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Pediatrics & Neonatal Care

Case Report Volume 8 Issue 5

Superior mesenteric artery syndrome (Wilkie's syndrome): acute severe presentation in a 10 year old boy and role of early surgical management

Rajat Piplani, Samir K Acharya, Deepak Bagga

Department of Pediatric Surgery,V.M.M.C & Safdarjang Hospital, India

Correspondence: Rajat Piplani, MCh. Pediatric Surgery, Senior Research Associate, Department of Pediatric Surgery, V.M.M.C & Safdarjang Hospital, New Delhi-110029, India, Tel 91 9971158129

Received: March 10, 2018 | Published: September 12, 2018

Citation: Piplani R, Acharya SK, Bagga D. Superior mesenteric artery syndrome (Wilkie’s syndrome): acute severe presentation in a 10 year old boy and role of early surgical management. J Pediatr Neonatal Care. 2018;8(5):211-212. DOI: 10.15406/jpnc.2018.08.00342

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Superior mesenteric artery (SMA) syndrome is a rare cause of upper gastro intestinal (GI) obstruction in paediatric age group. It is an uncommon disorder that mostly occurs due to loss of retroperitoneal fatty tissue secondary to various debilitating conditions. SMA syndrome occurs when acute angulations of the superior mesenteric artery cause compression over the third part of duodenum between the SMA and aorta. We report this rare case of a 10 year old boy who presented with acute onset of epigastric pain and recurrent bilious vomiting. Based on radiological investigations, a diagnosis of SMA syndrome was made. A conservative trial was initiated but symptoms persisted. Hence, he underwent midline laparotomy and duodenojejunostomy. The postoperative period was uneventful and patient is asymptomatic on one year follow up.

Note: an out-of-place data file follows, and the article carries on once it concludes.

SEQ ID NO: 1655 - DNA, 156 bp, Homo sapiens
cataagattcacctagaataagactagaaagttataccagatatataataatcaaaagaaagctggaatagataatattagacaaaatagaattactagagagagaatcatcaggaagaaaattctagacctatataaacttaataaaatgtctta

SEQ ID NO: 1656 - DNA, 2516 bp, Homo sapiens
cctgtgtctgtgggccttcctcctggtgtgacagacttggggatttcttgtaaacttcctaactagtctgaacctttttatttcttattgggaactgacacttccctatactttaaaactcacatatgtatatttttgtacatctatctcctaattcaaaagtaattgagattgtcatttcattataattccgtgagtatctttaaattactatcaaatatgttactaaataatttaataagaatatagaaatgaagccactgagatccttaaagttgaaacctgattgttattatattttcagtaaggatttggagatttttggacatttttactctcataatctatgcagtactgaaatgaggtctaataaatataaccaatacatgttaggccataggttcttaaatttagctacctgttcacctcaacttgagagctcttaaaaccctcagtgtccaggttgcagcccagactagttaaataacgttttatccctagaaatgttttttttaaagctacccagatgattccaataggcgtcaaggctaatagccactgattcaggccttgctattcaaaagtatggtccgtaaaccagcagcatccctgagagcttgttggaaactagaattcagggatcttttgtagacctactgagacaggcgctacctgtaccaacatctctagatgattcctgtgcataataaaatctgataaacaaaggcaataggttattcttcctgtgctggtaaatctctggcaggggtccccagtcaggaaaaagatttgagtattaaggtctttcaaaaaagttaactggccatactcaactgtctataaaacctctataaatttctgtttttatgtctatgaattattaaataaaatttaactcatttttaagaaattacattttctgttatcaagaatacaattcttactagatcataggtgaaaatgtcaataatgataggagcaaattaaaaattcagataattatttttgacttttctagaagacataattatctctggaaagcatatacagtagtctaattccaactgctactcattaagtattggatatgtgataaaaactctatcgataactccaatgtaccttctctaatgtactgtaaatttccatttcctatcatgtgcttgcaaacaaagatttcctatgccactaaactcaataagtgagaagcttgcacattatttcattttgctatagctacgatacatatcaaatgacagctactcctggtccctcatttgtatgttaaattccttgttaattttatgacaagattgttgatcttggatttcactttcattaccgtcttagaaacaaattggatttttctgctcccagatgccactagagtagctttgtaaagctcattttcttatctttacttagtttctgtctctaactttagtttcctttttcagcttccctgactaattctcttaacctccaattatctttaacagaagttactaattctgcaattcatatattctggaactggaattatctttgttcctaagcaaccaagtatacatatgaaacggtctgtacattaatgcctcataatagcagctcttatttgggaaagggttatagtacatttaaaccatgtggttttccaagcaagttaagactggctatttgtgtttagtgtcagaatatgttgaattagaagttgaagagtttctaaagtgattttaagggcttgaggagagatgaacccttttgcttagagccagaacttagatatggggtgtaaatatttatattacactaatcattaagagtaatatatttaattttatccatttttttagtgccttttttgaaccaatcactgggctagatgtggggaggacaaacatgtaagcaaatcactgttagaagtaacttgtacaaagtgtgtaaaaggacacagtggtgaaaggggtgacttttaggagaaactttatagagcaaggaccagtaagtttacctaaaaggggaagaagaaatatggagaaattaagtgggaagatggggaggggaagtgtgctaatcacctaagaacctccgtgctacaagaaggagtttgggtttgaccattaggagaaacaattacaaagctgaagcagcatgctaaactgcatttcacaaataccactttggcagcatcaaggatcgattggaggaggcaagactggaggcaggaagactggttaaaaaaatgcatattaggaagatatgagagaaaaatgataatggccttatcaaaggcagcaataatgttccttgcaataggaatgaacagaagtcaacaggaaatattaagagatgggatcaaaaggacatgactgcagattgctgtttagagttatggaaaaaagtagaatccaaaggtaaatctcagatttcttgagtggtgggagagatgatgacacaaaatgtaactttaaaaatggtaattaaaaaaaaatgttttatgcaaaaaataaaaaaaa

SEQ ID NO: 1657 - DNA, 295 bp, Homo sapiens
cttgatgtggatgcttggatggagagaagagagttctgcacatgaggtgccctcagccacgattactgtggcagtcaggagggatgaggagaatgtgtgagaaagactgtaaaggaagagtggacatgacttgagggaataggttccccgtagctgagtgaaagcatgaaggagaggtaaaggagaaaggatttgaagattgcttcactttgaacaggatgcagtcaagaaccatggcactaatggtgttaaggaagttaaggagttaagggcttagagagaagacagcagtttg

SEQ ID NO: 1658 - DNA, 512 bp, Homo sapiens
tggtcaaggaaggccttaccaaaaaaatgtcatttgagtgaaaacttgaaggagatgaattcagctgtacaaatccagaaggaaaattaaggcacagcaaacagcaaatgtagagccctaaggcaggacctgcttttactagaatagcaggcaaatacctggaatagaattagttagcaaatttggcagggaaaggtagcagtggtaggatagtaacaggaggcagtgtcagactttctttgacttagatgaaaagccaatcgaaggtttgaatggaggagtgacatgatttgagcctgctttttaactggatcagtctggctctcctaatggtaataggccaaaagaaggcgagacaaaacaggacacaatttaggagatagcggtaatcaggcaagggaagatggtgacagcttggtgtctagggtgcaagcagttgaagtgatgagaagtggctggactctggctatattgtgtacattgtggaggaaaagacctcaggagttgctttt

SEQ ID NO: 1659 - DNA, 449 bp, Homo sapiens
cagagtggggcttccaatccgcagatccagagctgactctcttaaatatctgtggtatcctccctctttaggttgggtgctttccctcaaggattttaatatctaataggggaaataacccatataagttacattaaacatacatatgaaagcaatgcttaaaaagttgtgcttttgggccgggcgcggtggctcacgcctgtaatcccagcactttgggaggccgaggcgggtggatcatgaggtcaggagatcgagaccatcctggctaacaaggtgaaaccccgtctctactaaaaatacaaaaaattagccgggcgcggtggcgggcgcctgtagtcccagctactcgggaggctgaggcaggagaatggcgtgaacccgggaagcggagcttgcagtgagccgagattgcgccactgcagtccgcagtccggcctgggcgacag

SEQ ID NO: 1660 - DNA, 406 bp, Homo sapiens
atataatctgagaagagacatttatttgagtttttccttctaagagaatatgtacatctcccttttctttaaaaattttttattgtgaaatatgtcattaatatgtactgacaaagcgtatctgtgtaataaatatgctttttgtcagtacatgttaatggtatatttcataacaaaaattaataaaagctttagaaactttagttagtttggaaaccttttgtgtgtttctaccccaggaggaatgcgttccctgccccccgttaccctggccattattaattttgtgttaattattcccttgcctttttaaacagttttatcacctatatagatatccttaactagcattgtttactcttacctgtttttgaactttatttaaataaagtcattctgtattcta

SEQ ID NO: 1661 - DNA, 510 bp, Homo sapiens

Keywords: Superior mesenteric artery syndrome, Wilkie’s syndrome, Intestinal obstruction, Surgery.


Superior mesenteric artery syndrome is an atypical condition which was first described in 1861 by von Rokitansky.1 It is an unusual form of upper GI obstruction, also synonymous with Wilkie’s syndrome or cast syndrome or arteriomesenteric duodenal compression or chronic duodenal ileus which occurs due to compression of the third part of duodenum between abdominal aorta posteriorly and superior mesenteric artery anteriorly.2,3 It is mostly due to loss of retroperitoneal fat that normally acts as cushion around the SMA. Patient usually presents with chronic intermittent pain abdomen, bilious vomiting, nausea, early satiety and anorexia. A history of weight loss is usually seen but it is not a necessity.3 The diagnosis is basically by exclusion of other causes of upper GI obstruction and confirmed by upper gastrointestinal contrast study and contrast enhanced CT abdomen. A trial of initial conservative management can be given to all patients but surgical intervention in the form of duodenojejunostomy gives early and complete relief of the symptoms.

Case report

A 10 year old male chid presented with epigastric pain which relieves on vomiting for 10 days. There was a history of significant weight loss of the child secondary to fever of unknown origin over a month. On examination, pallor and visible gastric peristalsis were noted. Ultra sonography of the abdomen was normal. Contrast enhanced computed tomography (CECT) abdomen (Figure 1) (Figure 2) was suggestive of SMA syndrome with dilated proximal half of third part of duodenum and narrow aortomesenteric angle (<110) along with smaller aortomesenteric distance (<5mm). A conservative trial was attempted with nasogastric decompression, IV fluids, total parenteral nutrition and lying on left side or prone position, but proved to be ineffective as the symptoms persisted. Hence, exploratory laparotomy was planned after one week which confirmed the obstruction at the level of third part of duodenum with grossly dilated stomach and proximal duodenum above the level of origin of SMA from aorta and collapsed distal bowel (Figure 3). A side to side retrocolic duodenojejunostomy bypass was done. Postoperative period was uneventful. Oral feeds were started on 6th postoperative day and the patient was discharged on full feeds on 8th postoperative day. The child is asymptomatic and has gained weight on one year follow up.

Figure 1 CECT Abdomen (axial view) showing dilated stomach and proximal duodenum along with compressed third part of duodenum between aorta posteriorly and SMA anteriorly.